There’s a lot happening at the moment, so you may have missed yesterday’s announcement from the Disability Reform Council.
The council, which consists of all the Disability Ministers from all around the country met yesterday in Sydney.
Every time they meet, the council releases a communique to let people know what was discussed and what was decided. Given that this is one of the governing bodies of the NDIS, it’s worth paying attention.
To be honest, the communiques that come after the meetings are really hard work. They read like they were written by a large and particularly argumentative committee who have watched too many episodes of Yes Minister. And there’s a good reason for that – they are. They are never short and contain so much bureaucratic jargon you need Google Translate just to get past the first paragraph.
So to spare you the pain we’ve come up with just a few edited highlights.
The Council agreed to a program of work, including establishing a process for coordinating the escalation of critical cases and ensuring effective coordination of mainstream services within the NDIS and the development of an implementation plan for this body of work.
This is good news for those of you who told us in our recent survey that you wanted the NDIS to work better with other systems like health and justice. You told us you wanted an end to the finger pointing and buck passing and you expected some serious action.
But the bad news – they are still at the stage of holding working groups and coming up with implementation plans. Given that we are five years into roll out, we are way past the time for talk fests and coloured Gantt charts. People caught between systems are often in desperate circumstances and more urgent action is long overdue.
It is good news that they are finally coming up with a way to escalate cases when things go horribly wrong. Again, we are five years into roll out. See above.
The National Institute of Labour Studies (NILS) Evaluation of the NDIS was commissioned by the Commonwealth under the Intergovernmental Agreement for the NDIS Launch to provide external validation of participant experiences and outcomes. Following its consideration at today’s meeting, the Council noted the Final Evaluation Report will be released by the Commonwealth following the meeting, and agreed to continue to work to ensure the needs of older people with disability, people with psychosocial disability, intellectual disability and complex needs, or who are from Culturally and Linguistically Diverse or Indigenous backgrounds are met.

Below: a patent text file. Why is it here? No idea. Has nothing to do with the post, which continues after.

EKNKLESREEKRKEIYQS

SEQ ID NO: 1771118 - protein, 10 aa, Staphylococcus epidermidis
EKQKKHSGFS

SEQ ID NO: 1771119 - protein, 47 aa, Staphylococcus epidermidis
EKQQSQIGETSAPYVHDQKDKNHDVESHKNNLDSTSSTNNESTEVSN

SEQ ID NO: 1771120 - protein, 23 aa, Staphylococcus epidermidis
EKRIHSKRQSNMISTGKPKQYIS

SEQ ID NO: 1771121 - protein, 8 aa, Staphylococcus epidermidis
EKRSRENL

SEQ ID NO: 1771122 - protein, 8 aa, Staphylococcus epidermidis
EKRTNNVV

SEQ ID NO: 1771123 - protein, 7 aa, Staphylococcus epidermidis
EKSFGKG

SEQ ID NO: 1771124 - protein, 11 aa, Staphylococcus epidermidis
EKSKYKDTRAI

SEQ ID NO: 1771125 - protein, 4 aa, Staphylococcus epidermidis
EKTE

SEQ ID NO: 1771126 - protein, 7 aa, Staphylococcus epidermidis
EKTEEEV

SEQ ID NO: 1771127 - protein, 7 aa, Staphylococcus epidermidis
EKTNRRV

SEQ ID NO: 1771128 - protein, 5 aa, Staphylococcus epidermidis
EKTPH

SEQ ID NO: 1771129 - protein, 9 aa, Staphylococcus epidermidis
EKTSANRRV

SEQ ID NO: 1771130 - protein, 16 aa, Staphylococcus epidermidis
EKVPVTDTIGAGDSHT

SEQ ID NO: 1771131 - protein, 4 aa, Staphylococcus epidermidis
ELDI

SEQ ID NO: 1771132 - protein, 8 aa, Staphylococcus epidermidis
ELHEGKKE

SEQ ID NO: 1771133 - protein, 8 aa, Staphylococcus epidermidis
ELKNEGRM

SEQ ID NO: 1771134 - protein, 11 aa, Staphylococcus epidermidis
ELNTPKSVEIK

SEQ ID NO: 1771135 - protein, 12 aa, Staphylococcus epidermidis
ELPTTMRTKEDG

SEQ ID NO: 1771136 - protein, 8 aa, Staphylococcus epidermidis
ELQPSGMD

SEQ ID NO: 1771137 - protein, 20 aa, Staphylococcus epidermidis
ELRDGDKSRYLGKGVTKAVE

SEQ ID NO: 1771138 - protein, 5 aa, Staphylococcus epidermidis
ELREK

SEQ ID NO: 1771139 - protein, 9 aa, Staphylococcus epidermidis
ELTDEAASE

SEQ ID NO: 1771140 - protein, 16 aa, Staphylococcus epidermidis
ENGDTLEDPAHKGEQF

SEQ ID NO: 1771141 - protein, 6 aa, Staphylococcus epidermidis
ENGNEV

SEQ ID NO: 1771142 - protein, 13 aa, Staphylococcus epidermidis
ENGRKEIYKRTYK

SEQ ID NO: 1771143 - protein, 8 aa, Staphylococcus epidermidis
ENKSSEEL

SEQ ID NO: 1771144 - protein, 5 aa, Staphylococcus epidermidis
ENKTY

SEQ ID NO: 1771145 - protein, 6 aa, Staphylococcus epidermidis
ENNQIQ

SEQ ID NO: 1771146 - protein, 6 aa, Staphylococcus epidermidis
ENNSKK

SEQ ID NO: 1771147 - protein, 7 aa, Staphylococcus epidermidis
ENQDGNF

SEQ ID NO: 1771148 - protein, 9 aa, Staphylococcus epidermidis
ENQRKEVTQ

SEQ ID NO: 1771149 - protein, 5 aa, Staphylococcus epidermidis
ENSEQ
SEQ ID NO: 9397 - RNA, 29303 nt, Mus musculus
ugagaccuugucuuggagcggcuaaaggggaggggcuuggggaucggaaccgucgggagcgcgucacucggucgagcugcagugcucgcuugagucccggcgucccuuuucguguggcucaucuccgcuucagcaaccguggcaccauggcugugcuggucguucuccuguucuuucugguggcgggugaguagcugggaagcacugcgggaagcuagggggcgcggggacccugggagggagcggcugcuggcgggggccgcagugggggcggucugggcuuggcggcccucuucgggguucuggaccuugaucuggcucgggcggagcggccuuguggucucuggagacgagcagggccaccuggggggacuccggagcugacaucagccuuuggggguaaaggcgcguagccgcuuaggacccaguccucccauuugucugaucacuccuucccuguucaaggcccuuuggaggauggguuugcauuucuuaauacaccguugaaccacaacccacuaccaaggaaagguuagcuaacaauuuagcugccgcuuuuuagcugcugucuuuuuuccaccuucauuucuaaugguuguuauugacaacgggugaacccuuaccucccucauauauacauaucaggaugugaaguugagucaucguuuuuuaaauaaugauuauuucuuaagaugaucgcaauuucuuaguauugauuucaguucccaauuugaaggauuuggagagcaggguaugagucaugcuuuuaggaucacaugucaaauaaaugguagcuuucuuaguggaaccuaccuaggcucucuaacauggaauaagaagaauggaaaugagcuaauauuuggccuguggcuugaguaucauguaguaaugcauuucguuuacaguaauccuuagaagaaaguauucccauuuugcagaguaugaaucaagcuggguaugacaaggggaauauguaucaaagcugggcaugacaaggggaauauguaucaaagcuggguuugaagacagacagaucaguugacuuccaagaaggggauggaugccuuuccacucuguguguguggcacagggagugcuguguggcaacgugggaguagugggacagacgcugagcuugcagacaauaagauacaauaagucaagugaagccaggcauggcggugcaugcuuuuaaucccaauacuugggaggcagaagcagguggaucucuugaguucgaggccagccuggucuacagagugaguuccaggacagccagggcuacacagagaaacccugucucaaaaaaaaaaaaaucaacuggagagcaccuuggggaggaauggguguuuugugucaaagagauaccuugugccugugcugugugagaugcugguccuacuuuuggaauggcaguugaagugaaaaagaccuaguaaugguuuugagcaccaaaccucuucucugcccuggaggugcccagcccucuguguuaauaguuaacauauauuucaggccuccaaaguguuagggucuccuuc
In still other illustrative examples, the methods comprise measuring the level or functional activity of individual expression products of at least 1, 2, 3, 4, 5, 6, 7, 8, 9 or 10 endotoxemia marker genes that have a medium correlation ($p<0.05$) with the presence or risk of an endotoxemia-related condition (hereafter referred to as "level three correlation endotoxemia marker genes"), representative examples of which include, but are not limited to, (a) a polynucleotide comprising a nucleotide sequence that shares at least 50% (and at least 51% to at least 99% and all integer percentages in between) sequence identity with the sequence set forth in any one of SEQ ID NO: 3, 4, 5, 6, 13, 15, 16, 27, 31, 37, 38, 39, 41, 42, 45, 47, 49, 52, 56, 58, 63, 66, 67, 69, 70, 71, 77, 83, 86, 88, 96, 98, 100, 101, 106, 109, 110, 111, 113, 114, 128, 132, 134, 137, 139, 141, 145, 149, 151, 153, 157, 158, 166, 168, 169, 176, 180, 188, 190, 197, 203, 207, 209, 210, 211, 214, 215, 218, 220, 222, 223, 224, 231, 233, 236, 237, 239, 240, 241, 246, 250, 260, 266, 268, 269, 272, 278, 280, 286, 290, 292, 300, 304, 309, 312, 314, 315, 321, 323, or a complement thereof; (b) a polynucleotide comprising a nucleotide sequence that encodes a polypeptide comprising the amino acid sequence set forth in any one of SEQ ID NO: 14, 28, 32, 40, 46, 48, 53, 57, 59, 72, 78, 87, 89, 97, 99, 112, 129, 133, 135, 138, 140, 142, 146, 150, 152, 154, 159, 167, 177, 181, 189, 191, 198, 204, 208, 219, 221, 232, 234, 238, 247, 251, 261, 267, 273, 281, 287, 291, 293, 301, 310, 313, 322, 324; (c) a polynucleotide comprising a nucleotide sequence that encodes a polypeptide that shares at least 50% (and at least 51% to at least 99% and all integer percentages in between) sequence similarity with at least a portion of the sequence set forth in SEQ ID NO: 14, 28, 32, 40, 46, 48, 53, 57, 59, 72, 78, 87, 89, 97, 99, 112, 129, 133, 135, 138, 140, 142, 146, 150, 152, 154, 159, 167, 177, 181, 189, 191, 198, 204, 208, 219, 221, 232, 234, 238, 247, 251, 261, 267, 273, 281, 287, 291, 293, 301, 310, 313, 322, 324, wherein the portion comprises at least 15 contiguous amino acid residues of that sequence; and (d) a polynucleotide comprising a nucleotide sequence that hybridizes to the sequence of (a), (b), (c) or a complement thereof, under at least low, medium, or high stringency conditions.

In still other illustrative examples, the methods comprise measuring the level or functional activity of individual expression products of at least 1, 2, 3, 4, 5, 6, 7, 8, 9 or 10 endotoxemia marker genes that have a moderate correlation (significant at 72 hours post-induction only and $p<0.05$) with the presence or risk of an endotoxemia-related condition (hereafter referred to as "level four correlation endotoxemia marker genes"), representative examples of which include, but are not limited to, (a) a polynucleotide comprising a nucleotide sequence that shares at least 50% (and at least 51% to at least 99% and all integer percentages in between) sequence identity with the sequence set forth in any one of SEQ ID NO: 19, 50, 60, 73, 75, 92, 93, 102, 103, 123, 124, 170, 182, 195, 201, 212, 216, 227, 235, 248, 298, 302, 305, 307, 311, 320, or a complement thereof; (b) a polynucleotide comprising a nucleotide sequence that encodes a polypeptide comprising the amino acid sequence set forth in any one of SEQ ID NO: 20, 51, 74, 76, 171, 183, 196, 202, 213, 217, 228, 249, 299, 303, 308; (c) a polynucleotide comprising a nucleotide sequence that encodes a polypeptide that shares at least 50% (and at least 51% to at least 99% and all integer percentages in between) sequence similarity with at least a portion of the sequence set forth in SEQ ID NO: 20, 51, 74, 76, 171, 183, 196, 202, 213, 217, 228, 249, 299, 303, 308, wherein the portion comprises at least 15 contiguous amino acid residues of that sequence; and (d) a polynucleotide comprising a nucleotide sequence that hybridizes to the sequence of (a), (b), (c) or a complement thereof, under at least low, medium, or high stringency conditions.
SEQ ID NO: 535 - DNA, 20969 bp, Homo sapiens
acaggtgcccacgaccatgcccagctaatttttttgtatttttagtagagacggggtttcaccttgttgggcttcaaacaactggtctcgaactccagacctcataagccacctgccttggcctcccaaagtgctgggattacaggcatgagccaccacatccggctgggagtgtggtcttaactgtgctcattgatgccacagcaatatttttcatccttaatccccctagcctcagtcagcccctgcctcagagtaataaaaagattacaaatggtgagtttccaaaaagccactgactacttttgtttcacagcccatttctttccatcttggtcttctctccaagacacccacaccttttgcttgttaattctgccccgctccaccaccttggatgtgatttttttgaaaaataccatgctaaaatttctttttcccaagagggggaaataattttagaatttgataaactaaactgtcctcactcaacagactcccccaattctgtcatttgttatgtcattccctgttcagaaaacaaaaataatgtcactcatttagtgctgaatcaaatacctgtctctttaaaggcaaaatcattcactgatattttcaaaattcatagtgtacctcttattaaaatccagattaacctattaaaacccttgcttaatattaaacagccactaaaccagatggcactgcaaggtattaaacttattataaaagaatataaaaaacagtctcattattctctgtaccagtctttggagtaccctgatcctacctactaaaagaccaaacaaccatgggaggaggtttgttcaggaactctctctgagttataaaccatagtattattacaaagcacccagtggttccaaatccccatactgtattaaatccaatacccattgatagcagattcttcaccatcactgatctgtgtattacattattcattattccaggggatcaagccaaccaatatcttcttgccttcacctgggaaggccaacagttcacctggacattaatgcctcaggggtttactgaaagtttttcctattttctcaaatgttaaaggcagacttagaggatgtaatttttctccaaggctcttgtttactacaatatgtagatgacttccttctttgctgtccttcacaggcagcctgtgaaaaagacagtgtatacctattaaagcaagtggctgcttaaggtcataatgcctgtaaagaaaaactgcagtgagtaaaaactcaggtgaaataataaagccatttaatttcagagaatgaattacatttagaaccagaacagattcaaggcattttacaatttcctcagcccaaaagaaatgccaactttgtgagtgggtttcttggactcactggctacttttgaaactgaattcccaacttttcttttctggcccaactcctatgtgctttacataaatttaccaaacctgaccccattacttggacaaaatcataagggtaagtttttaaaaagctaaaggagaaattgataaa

The independent evaluation will confirm what we and other people in the disability sector have been saying for a while – that while the scheme is working well for some groups, others are not faring so well. More work needs to be done to make sure the scheme meets the needs of people with a psychosocial disability, people from diverse backgrounds, and people with complex needs. Stay tuned for the report. We’ll probably need Google Translate for that too.
On 20 November 2017, the Council agreed to commence work on disability reform post-2020 and the development of a new national disability framework. This includes bringing forward the formal evaluation of the Strategy from 2021 to 2018 to strategically review the current strategy and make recommendations for a new framework. The Council agreed to the proposed approach, milestones and timeframes for developing a new national disability framework and supporting action plan for beyond-2020.
Translation – We need a new National Disability Strategy because the current one expires in 2020. We need to get onto it.
The Council discussed the Commonwealth’s updated proposed full scheme arrangements which form the basis for negotiating the new Intergovernmental Agreements for full scheme NDIS. The Council agreed to provide COAG with advice on the progress to date on full scheme arrangements, noting such agreements would be negotiated in more detail on a bilateral basis.
Translation – We are still working on what happens after roll out finishes. We’ll get back to you. Later. Much later.
The council also talked about how plans for the new Quality and Safeguard Commission were progressing, and agreed they would look at Specialist Disability Accommodation (SDA) at a later meeting. They also said they would keep a watchful eye on the outcomes from the Independent Pricing Review.
So … while it is good to see that some of the issues you told us were important to you have made it onto the council’s agenda, we need to keep the pressure on. We need to make sure we move from acknowledgement of problems to some real action.
If you are keen you can find the full communique on the Department of Social Services website.